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On crutches powered by will

Rita’s message to others this Poila Baisakh is to be happy
Rita Das ready for chores at home.

Brinda Sarkar   |   Calcutta   |   Published 12.04.19, 02:09 PM

It’s been smooth sailing, says Rita Das. At the age of 11, she started managing her household when her mother got bed-ridden. A few years later, she’d hang by the doors of local trains to get to college.

Now she raises a family in BA Block, runs a spirituality club that she’s founded and in June will be leading a group of 10 on a trekking trail in Darjeeling. All this, by the way, on crutches.

It’s been smooth sailing, says Rita Das.

“My left knee has a congenital problem. I cannot apply pressure on it and so cannot stand upright,” explains the 55-year-old. The condition has been painful and made movement difficult all her life, “but I never cared!” laughs Rita.

The eldest of four siblings, she grew up in a Dankuni home with an orchard and pond. Her knee notwithstanding, she climbed trees and caught fish. And when her mother got ill she took up the responsibility of cooking and cleaning after her siblings.

By the time she joined college, doctors advised her to use a knee brace. “It looked like a cricket pad, heavy and uncomfortable. But I never cared. It didn’t stop me from taking the rush hour local train to and from college.”

One day Rita’s father was escorting her to college but it was so crowded that he failed to board the train. The young girl with the leg brace, however, sailed through.

After her BA and BEd degrees, Rita’s family started searching for a groom. “I told the prospective family about my medical condition and that they shouldn’t proceed with the hope of me recovering in future,” she said. The family agreed; Rita married Amitava Das, a banker and social worker, and moved to BA 106 in 1992.

The leg brace would pain Rita so much that at home she would remove it and hop on her other leg. “I continued hopping even when I was pregnant with my two children. But gradually my other leg and back developed pain. Then I was advised to try the crutches. I also discovered yoga and meditation around the time and found great relief.”

Rita and Amitava learnt driving together and Rita started dropping her kids off at Little Angels play school and Salt Lake School, with the crutches resting on the seat next to her.

She took up travelling too. Bangkok, Maldives (where she even went snorkelling), Europe…Rita has visited them all. “At Vatican City, the tour guide insisted I remain in the bus as I wouldn’t be able to walk about. I refused, saying I had paid as much as the others and had a right to roam free,” says Rita.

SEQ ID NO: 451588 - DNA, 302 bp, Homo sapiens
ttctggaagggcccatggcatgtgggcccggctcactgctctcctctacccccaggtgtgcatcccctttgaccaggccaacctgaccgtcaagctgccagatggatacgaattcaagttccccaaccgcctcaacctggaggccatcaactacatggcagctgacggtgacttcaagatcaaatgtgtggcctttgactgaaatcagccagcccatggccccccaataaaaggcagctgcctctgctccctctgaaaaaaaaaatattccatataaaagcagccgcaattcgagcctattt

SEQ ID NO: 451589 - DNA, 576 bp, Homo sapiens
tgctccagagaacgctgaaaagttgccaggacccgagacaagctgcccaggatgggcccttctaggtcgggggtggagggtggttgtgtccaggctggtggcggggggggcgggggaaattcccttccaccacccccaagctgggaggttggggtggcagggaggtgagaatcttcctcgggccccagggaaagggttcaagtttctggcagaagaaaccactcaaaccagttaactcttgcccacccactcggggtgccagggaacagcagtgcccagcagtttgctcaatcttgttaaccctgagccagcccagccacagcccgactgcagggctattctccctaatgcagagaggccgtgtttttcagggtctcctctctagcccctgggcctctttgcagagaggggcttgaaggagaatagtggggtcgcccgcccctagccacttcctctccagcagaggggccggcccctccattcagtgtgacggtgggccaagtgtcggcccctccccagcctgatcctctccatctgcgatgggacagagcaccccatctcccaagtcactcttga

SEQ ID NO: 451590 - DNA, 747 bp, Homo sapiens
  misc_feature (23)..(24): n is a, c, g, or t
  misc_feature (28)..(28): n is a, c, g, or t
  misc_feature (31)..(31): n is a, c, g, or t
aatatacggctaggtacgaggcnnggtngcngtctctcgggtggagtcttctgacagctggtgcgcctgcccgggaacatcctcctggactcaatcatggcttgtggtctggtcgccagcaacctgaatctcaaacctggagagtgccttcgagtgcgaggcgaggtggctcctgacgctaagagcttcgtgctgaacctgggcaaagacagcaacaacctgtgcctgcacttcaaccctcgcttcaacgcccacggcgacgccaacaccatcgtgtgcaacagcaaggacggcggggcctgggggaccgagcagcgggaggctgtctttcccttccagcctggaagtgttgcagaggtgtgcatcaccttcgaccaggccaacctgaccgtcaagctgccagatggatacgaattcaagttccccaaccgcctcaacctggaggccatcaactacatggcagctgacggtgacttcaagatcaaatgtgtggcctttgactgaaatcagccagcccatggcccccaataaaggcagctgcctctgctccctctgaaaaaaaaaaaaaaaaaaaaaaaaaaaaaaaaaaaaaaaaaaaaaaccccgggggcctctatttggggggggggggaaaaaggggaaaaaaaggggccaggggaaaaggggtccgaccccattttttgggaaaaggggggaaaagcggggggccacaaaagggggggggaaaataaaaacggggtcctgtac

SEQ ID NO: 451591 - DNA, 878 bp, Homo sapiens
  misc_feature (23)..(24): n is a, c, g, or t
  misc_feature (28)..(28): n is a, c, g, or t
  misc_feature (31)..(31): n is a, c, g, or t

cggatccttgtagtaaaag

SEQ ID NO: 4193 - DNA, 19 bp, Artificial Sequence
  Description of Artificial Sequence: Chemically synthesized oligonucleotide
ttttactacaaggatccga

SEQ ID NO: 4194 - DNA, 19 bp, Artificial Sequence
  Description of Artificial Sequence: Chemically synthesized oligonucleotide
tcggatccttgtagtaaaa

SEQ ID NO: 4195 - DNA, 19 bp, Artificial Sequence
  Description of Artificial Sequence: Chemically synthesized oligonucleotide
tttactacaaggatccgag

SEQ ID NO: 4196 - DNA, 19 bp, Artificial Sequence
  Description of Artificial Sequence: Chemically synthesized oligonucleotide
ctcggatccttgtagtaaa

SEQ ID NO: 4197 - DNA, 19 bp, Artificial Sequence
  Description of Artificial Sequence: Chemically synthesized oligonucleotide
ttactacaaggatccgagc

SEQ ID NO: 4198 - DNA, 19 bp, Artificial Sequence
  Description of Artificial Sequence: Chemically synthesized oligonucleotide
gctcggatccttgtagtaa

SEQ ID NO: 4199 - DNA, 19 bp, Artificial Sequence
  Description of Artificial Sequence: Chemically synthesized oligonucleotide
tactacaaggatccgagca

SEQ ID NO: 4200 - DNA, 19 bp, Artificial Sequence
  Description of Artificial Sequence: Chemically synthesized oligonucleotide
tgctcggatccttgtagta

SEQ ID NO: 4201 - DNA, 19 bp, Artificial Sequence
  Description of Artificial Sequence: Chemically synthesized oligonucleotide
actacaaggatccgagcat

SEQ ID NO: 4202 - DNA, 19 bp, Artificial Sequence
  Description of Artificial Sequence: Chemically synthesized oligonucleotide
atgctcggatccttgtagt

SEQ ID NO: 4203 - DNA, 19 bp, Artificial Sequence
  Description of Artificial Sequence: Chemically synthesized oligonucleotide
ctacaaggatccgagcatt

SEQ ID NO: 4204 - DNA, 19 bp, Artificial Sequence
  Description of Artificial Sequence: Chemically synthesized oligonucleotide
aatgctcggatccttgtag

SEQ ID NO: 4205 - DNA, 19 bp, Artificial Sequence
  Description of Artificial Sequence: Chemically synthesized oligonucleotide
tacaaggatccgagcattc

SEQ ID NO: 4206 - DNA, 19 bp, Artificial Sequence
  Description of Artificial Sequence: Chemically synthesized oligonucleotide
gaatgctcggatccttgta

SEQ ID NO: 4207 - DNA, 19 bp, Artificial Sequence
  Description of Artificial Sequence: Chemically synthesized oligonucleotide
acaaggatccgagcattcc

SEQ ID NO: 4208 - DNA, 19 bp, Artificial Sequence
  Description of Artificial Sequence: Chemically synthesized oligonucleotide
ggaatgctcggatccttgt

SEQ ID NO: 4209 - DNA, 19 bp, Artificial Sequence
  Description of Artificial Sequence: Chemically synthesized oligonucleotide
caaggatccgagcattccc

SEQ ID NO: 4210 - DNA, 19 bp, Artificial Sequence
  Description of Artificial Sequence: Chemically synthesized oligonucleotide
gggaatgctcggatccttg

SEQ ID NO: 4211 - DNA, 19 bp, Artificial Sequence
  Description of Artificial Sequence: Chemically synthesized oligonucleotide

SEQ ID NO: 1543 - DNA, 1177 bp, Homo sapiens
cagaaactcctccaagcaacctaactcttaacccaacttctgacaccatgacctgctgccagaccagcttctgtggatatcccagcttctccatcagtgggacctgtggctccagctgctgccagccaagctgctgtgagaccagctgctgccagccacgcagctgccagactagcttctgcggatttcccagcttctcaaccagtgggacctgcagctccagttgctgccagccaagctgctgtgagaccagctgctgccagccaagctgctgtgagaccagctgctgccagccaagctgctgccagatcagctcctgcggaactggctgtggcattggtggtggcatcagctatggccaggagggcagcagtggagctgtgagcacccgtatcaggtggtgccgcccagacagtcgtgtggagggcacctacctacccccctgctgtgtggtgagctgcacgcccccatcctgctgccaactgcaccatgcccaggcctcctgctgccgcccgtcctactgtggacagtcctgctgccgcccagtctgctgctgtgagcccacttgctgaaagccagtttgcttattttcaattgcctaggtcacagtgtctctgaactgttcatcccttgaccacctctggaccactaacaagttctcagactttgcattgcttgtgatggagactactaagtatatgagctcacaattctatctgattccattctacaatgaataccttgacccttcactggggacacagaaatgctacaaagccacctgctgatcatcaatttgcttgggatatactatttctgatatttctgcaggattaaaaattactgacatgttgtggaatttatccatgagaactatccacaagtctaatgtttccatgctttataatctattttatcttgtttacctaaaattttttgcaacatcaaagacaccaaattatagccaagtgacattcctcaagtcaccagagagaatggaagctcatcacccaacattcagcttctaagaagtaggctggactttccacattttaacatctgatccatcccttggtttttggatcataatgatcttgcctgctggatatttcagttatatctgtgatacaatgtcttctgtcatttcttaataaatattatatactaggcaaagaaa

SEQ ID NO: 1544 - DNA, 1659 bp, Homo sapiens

In Kashmir, the army jawans pleaded with her not to try and climb the 242 steps to the Shankaracharya temple but she defied them too. “And when Mamoni descended from the temple after darshan, the jawans gave her a ‘hats-off’ salute and even clicked photos with her,” says son Ritabrata.

Rita credits her pain management and positivity to yoga and meditation and in 2017 began a spiritual club called Pranshakti Yog to help others. Members of this club will be headed to Darjeeling in June, where they will trek to a monastery on a peak and practise zen meditation.

“Mamoni has been on this trekking trail before with us and walked as fast, if not faster than us,” says daughter Oishika, who is training to be a yoga instructor. “All my friends are in awe of her. They cannot believe someone can do so much with crutches under her arms and a smile on her face.”

Ask Rita how difficult it is trekking with crutches and she misses the point. “It’s not difficult at all as it’s cold in Darjeeling. It may have been difficult if it was hot,” she says, as if the crutches don’t even matter.

New beginnings

Rita’s message to others this Poila Baisakh is to be happy. “If you’re happy those around you will be happy,” says the lady who loves gardening and playing the guitar.

Two Rabindrasangeets brim her with courage — Aami bhoy korbo na and Sankocher Bihwabalata nijere apamaan — and she asks others to imbibe the message in them.

“I may not have an able leg to do certain things but it’s a greater tragedy to not have the will to do them,” Rita says. “If you have the will you will find the way. And if you don’t have the will, accept it. Don’t try to hide behind an excuse of being unwell or busy.”

For all excuses, Rita says, are lame.


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